Effects of indoor environmental factors on respiratory health of children in a subtropical climate

Environ Res. 1997 Oct;75(1):49-55. doi: 10.1006/enrs.1997.3774.


This study was conducted to determine whether indoor environmental factors affected respiratory symptoms in 4164 primary school children in Kaohsiung rural areas of Taiwan. Information on respiratory health symptoms and characteristics of the housing was obtained using a written questionnaire, completed by the parents of children. Multiple logistic regression analysis examined the relationship between respiratory health symptoms (cough, wheezing, bronchitis, asthma, and allergic rhinitis) and housing factors. Home dampness was significantly associated with all respiratory health symptoms. Incense burning and mosquito repellant burning showed effects on the reporting of coughing symptoms. No apparent associations were found with the other indoor factors included in this study or respiratory health symptoms. We conclude that dampness in the home has a pronounced effects on respiratory health symptoms and is a new public health issue in subtropical areas.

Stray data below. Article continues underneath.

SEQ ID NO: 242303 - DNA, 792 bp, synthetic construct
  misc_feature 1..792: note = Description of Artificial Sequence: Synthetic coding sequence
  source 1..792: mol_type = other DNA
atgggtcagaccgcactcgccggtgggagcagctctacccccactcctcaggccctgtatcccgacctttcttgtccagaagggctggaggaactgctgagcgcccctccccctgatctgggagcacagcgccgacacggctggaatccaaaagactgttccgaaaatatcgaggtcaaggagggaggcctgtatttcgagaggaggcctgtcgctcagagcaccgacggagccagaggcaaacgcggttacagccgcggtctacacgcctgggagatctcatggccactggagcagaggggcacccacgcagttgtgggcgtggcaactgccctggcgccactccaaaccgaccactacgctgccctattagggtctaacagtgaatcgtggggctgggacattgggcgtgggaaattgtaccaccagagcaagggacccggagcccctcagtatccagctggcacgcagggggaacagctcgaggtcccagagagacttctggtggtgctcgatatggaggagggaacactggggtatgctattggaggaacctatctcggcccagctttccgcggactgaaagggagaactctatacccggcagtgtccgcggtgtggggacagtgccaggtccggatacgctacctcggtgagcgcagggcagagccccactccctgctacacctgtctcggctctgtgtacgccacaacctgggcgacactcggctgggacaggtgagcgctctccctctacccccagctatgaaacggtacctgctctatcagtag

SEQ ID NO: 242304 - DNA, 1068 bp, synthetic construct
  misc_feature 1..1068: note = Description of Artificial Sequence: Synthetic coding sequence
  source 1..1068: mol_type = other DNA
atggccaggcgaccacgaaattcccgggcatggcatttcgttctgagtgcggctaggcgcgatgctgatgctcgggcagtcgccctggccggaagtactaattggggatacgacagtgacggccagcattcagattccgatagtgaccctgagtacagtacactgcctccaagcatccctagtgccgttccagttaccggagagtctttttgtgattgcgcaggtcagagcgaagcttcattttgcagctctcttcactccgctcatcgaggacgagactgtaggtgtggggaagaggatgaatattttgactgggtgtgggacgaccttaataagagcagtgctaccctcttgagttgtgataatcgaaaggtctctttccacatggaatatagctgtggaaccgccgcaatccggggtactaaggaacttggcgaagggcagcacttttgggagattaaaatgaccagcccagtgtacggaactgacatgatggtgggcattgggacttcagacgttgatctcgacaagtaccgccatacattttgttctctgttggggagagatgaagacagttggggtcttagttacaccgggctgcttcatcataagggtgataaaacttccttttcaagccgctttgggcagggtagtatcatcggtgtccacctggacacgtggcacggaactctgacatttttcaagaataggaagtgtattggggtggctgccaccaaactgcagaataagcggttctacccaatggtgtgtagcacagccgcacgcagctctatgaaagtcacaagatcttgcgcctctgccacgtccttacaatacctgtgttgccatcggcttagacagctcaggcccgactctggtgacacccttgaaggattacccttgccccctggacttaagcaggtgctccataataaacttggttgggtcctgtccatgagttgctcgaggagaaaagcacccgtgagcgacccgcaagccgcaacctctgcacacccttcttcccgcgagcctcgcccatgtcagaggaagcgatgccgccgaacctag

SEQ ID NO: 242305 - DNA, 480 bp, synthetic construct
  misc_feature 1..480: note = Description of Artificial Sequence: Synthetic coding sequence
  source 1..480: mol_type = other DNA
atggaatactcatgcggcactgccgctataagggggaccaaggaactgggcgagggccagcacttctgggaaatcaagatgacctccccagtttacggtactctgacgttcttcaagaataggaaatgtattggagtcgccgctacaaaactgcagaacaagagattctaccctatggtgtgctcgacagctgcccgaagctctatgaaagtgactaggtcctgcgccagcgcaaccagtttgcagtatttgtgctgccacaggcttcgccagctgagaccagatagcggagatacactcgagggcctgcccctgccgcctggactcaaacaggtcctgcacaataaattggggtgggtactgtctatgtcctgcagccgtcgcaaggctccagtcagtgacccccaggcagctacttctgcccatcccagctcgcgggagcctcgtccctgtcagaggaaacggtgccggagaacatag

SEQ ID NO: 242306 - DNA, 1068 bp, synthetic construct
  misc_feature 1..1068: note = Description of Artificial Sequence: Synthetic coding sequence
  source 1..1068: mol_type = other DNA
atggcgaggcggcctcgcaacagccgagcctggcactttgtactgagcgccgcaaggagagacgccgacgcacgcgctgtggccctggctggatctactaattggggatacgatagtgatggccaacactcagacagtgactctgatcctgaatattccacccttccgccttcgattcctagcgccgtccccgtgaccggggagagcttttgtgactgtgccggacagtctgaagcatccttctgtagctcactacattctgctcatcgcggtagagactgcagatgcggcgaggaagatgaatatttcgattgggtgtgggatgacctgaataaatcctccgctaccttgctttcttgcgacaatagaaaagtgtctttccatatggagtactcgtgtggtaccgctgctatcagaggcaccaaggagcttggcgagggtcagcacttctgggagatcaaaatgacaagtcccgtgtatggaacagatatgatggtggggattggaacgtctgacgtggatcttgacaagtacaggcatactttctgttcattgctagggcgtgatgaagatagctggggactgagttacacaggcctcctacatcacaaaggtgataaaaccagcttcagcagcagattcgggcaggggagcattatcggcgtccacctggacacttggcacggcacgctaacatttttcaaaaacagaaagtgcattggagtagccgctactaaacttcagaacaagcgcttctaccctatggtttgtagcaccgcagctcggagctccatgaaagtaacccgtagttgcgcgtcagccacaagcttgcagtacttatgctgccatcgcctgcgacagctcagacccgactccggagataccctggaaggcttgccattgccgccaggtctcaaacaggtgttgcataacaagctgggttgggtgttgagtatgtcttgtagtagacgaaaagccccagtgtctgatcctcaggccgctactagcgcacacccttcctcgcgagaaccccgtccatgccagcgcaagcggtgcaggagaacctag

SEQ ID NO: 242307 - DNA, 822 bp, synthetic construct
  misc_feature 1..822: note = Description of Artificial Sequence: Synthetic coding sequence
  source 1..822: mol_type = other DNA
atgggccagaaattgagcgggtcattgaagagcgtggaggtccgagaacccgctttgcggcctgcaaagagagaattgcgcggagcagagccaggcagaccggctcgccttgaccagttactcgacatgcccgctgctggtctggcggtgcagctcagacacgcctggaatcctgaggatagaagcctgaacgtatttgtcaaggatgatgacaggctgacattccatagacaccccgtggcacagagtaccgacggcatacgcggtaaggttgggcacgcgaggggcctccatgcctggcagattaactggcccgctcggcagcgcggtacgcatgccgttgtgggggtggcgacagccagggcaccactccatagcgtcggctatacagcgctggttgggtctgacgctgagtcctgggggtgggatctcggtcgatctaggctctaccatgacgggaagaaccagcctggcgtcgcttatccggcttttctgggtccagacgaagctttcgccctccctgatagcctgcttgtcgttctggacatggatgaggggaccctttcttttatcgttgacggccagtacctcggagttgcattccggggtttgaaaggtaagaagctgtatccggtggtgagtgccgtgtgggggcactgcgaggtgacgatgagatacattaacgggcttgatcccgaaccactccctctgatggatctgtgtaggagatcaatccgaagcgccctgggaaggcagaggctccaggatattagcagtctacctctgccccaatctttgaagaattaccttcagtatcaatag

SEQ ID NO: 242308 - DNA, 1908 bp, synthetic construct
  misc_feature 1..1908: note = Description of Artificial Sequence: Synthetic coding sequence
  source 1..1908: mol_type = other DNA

Publication types

  • Research Support, Non-U.S. Gov't

MeSH terms

  • Air Pollution, Indoor*
  • Child
  • Female
  • Humans
  • Humidity
  • Insect Repellents / adverse effects
  • Male
  • Prevalence
  • Respiratory Tract Diseases / chemically induced*
  • Respiratory Tract Diseases / epidemiology
  • Smoke / adverse effects
  • Surveys and Questionnaires
  • Taiwan / epidemiology
  • Tropical Climate*


  • Insect Repellents
  • Smoke